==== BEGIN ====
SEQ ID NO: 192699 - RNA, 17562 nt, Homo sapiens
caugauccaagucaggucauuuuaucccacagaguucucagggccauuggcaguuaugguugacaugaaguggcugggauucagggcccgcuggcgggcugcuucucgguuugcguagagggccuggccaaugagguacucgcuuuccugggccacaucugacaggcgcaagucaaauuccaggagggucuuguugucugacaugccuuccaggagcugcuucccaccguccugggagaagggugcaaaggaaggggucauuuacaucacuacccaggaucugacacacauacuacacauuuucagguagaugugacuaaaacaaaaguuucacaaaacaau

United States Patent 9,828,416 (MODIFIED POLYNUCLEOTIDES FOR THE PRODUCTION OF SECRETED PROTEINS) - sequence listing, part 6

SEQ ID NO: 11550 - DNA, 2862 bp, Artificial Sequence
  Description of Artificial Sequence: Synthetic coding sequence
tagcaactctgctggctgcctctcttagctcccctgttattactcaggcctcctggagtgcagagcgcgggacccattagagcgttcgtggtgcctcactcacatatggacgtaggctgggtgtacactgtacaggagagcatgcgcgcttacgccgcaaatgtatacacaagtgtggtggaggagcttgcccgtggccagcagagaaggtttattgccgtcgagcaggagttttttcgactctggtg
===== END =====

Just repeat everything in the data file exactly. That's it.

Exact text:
SEQ ID NO: 192699 - RNA, 17562 nt, Homo sapiens
caugauccaagucaggucauuuuaucccacagaguucucagggccauuggcaguuaugguugacaugaaguggcugggauucagggcccgcuggcgggcugcuucucgguuugcguagagggccuggccaaugagguacucgcuuuccugggccacaucugacaggcgcaagucaaauuccaggagggucuuguugucugacaugccuuccaggagcugcuucccaccguccugggagaagggugcaaaggaaggggucauuuacaucacuacccaggaucugacacacauacuacacauuuucagguagaugugacuaaaacaaaaguuucacaaaacaau

United States Patent 9,828,416 (MODIFIED POLYNUCLEOTIDES FOR THE PRODUCTION OF SECRETED PROTEINS) - sequence listing, part 6

SEQ ID NO: 11550 - DNA, 2862 bp, Artificial Sequence
  Description of Artificial Sequence: Synthetic coding sequence
tagcaactctgctggctgcctctcttagctcccctgttattactcaggcctcctggagtgcagagcgcgggacccattagagcgttcgtggtgcctcactcacatatggacgtaggctgggtgtacactgtacaggagagcatgcgcgcttacgccgcaaatgtatacacaagtgtggtggaggagcttgcccgtggccagcagagaaggtttattgccgtcgagcaggagttttttcgactctggtg